Skip to Main Content

Latinx Studies: Library of Congress Resources

Using the Library of Congress

Doing research the Library of Congress can seem intimidating at first, after all, it is the largest library in the world!

Review the information below to get started, including video tutorials that provide a quick overview to start researching at the Library of Congress.

Remember, librarians are here to help! Contact us through Ask a Librarian or return to the Hispanic Reading Room page for our direct contact information.

Carol M. Highsmith, photographer. [Main Reading Room. View from above showing researcher desks. Library of Congress Thomas Jefferson Building, Washington, D.C.] 2007. Library of Congress Prints and Photographs Division.
The Jefferson Building houses eight centers for research: American Folklife Center (includes Veteran's History Project); African & Middle Eastern; Asian; Children's Literature; European; Hispanic; Main (includes Local History & Genealogy; Microform); Rare Book & Special Collections.

The Library welcomes public use of its general reference facilities and endeavors to offer the widest possible use of its collections consistent with their preservation and with its obligation to serve the Congress and other government agencies.

Anyone with a free Reader Identification Card can request books and other materials for use in the Library's research centers (go to the "Reader Identification Card" tab for more information). The links below provide important information for researchers to review prior to visiting the Library of Congress. 

To reach a reference librarian for assistance and direct support, go to the "Ask a Librarian" tab here. It includes a video tutorial about the service.

Carol M. Highsmith, photographer. [Exterior view, from corner of Independence Ave. and 2nd St. Library of Congress James Madison Building, Washington, D.C.]. 2007. Library of Congress Prints & Photographs Division.
The Madison Building houses eight centers for research: Geography & Map; Law Library; Manuscript; Newspaper & Current Periodicals; Performing Arts; Prints & Photographs; Recorded Sound; Moving Image.

Carol M. Highsmith, photographer. [Exterior view. Library of Congress John Adams Building, Washington, D.C.]. 2007. Library of Congress Prints & Photographs Division.
The Adams Building houses two centers for research: Business and Science.

The Library's collections are the largest in the world and represent a wide variety of physical formats and languages. Library of Congress staff are able to help you identify and request materials in twenty-one general and specialized reading rooms. Anyone 16 years or older can come in to use the Library (go to the "Reader Identification Card" tab for more information).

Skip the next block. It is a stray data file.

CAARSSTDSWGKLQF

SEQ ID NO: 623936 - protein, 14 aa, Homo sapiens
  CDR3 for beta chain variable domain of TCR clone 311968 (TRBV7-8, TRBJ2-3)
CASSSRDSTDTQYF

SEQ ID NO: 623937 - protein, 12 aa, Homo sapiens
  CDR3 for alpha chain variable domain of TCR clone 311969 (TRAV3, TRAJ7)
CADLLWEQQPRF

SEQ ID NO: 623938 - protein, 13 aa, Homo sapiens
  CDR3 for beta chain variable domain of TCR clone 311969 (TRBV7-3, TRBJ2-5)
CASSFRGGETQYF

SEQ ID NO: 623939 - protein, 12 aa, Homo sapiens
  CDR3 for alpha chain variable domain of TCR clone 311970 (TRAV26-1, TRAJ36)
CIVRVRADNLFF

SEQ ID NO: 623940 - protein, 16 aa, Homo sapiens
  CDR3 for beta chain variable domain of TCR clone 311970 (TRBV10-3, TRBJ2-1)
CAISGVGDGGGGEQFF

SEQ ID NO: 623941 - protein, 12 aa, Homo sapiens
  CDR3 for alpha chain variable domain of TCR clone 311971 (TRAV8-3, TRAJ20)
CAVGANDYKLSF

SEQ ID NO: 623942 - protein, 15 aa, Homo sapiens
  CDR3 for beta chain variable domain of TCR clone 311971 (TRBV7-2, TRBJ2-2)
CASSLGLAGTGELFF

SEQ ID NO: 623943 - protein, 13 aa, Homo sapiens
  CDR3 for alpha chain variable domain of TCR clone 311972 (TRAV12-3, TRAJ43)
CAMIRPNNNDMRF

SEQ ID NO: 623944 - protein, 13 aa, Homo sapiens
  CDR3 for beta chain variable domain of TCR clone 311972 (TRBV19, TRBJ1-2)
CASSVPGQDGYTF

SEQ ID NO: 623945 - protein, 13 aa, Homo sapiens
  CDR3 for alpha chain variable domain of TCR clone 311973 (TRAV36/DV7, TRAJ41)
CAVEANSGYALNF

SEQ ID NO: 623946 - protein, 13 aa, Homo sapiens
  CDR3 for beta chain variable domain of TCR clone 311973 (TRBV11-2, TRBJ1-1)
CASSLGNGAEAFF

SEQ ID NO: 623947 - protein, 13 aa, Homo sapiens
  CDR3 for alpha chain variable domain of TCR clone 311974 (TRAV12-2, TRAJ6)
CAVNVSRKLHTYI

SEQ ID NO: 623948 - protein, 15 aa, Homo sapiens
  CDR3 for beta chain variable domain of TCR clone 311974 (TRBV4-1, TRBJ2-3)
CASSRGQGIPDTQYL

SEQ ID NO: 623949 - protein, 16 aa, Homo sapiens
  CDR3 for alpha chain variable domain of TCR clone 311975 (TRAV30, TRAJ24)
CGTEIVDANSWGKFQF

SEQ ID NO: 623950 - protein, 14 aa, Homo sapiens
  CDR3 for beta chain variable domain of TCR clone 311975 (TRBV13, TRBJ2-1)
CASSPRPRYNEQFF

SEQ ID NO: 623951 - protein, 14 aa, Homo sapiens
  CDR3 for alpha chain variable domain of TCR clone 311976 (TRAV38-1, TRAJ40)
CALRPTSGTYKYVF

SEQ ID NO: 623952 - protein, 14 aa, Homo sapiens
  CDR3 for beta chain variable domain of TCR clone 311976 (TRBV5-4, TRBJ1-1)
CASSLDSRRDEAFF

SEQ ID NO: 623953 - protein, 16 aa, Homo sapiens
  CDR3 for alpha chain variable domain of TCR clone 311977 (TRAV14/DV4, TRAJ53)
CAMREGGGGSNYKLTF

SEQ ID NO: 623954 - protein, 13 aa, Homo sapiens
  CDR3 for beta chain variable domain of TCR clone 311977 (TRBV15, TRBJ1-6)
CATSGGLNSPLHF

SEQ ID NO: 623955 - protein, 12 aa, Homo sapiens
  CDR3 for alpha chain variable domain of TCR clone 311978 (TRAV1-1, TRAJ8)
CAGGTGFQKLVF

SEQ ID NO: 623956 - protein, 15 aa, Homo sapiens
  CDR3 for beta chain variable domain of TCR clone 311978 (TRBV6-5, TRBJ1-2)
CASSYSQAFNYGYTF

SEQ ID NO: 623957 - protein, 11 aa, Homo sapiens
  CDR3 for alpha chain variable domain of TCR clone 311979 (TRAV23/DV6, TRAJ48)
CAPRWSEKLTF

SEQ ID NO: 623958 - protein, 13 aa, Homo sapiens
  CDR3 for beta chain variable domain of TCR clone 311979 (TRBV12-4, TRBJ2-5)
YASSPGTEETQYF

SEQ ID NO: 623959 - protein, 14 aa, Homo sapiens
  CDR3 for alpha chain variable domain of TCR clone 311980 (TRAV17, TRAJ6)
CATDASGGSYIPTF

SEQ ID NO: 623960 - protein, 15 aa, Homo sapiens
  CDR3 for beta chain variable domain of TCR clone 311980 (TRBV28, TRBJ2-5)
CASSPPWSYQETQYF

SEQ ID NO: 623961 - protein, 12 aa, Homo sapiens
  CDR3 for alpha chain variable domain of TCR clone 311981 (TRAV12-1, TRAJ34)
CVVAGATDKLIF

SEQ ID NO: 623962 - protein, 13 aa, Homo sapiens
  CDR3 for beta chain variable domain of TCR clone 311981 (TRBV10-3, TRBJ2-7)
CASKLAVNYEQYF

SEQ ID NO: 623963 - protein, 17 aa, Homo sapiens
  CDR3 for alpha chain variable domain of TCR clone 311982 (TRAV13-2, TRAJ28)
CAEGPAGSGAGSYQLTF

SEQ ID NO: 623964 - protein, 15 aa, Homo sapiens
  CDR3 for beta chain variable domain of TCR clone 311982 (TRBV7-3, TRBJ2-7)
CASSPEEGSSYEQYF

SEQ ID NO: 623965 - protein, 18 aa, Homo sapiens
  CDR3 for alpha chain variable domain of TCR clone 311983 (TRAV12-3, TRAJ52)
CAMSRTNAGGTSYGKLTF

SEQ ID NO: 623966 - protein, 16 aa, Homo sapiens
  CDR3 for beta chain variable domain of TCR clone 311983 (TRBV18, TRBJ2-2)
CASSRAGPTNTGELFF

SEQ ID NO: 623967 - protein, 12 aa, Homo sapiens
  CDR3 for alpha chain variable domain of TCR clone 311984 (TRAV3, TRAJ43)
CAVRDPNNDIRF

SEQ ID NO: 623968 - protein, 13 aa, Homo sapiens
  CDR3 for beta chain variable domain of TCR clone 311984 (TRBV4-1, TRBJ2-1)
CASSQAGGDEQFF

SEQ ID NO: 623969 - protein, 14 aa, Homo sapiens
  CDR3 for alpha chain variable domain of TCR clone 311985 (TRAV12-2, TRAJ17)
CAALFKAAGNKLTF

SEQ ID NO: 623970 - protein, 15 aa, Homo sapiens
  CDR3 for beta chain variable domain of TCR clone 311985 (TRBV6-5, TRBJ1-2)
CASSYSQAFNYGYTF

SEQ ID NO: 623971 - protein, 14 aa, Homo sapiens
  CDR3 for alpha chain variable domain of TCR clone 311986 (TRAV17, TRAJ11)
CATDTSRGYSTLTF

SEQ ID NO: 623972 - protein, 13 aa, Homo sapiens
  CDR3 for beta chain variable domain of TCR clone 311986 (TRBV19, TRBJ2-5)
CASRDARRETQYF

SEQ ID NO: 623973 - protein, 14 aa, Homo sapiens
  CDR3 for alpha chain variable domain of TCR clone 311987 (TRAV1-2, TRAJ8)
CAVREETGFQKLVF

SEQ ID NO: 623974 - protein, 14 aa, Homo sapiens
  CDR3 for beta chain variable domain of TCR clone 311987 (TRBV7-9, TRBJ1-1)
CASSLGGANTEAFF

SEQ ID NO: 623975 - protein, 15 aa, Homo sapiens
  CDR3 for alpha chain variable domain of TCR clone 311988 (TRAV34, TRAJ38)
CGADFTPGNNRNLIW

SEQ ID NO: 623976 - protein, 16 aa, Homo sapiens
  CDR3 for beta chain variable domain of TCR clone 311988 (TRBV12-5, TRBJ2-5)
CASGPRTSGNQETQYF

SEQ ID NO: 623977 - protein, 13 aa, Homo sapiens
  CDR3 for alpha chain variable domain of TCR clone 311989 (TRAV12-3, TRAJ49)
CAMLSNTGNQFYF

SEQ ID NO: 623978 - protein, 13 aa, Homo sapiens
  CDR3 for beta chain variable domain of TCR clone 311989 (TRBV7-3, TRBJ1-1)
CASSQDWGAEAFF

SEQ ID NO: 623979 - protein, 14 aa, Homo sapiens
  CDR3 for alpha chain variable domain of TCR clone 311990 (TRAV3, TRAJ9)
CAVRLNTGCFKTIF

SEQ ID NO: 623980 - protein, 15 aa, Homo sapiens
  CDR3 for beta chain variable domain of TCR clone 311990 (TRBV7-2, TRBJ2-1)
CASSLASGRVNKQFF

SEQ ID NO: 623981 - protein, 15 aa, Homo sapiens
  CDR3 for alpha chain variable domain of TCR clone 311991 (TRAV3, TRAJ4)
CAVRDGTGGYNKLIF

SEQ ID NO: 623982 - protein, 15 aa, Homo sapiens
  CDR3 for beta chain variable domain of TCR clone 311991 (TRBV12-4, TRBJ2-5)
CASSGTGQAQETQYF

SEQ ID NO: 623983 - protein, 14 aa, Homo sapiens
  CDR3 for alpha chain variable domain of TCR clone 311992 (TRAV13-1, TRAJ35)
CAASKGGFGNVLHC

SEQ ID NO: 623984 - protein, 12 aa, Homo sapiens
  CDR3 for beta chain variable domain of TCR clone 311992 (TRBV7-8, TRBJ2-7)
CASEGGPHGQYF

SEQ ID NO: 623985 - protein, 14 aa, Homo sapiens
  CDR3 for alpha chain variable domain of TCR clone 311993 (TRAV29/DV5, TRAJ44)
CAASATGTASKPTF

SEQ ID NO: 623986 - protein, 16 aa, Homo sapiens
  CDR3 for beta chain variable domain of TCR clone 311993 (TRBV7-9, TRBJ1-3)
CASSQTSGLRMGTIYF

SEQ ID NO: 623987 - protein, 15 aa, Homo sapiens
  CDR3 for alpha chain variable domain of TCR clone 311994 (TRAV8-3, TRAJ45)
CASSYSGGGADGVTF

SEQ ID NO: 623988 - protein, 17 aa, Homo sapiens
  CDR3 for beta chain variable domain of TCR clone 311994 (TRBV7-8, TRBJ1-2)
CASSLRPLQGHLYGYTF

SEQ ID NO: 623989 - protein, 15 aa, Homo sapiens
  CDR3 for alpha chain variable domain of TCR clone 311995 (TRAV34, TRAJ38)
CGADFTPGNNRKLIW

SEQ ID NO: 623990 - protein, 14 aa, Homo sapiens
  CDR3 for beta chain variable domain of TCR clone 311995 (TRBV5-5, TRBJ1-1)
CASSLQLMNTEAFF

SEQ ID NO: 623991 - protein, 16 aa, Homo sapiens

Carol M. Highsmith, photographer. Aerial view of Washington, D.C. from the U.S. Capitol Dome, showing two Library of Congress buildings: the Thomas Jefferson Building (left) and the James Madison Building. 2007. Library of Congress Prints and Photographs Division.

General Collections

Books, pamphlets, journals, newspapers and other serial publications. More about the General Collections

International Collections

More than 470 languages are represented in the Library's global collections. More about the International Collections

Special Format Collections

Carol M. Highsmith, photographer. [Aerial view from the southwest of the. Library of Congress Thomas Jefferson Building, Washington, D.C.]. 2007. Library of Congress Prints and Photographs Division.

Photographs, maps, music, sound, film, manuscripts, and other media. More about the Special Format Collections

Users of the Library's research areas, including Computer Catalog Centers, and Copyright Office public service areas are each required to have a Reader Identification Card issued by the Library. Cards are free and can be obtained by completing a registration process and presenting a valid driver's license, state-issued identification card, or passport. Researchers must be 16 and above years of age at time of registration.  The following link provides more information on how and where to register and the video tutorial walks you through the process:

Video Tutorial

You can find and request eligible materials at the Library of Congress by using the Library of Congress Online Catalog. To request materials, you must first register for a Reader Identification Card (view information on previous tab) and then set up your online account. This video demonstrates how to request materials online through the online catalog.

Video Tutorial

The Ask a Librarian service provides an easy way to get research assistance online directly from Library of Congress reference librarians.  Use the link below to ask a question, and the video tutorial below provides a quick overview of the service.

Video Tutorial